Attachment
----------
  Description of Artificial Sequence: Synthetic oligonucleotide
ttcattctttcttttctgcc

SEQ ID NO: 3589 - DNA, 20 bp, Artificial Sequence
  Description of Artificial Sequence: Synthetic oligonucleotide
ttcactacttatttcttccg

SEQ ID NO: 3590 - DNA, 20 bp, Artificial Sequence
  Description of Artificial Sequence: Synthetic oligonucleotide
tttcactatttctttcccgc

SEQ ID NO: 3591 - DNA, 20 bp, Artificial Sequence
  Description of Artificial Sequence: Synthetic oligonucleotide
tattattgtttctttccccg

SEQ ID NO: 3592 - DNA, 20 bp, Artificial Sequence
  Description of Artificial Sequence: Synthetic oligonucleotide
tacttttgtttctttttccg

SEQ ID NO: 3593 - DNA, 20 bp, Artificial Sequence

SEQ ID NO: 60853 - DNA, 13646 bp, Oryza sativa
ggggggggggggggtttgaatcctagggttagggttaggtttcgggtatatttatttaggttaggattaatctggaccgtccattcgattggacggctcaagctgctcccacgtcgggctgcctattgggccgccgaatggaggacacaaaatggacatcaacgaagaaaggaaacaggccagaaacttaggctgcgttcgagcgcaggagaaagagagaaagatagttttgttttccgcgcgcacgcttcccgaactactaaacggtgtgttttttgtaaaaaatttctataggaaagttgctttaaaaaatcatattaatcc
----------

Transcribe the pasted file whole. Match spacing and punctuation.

  Description of Artificial Sequence: Synthetic oligonucleotide
ttcattctttcttttctgcc

SEQ ID NO: 3589 - DNA, 20 bp, Artificial Sequence
  Description of Artificial Sequence: Synthetic oligonucleotide
ttcactacttatttcttccg

SEQ ID NO: 3590 - DNA, 20 bp, Artificial Sequence
  Description of Artificial Sequence: Synthetic oligonucleotide
tttcactatttctttcccgc

SEQ ID NO: 3591 - DNA, 20 bp, Artificial Sequence
  Description of Artificial Sequence: Synthetic oligonucleotide
tattattgtttctttccccg

SEQ ID NO: 3592 - DNA, 20 bp, Artificial Sequence
  Description of Artificial Sequence: Synthetic oligonucleotide
tacttttgtttctttttccg

SEQ ID NO: 3593 - DNA, 20 bp, Artificial Sequence

SEQ ID NO: 60853 - DNA, 13646 bp, Oryza sativa
ggggggggggggggtttgaatcctagggttagggttaggtttcgggtatatttatttaggttaggattaatctggaccgtccattcgattggacggctcaagctgctcccacgtcgggctgcctattgggccgccgaatggaggacacaaaatggacatcaacgaagaaaggaaacaggccagaaacttaggctgcgttcgagcgcaggagaaagagagaaagatagttttgttttccgcgcgcacgcttcccgaactactaaacggtgtgttttttgtaaaaaatttctataggaaagttgctttaaaaaatcatattaatcc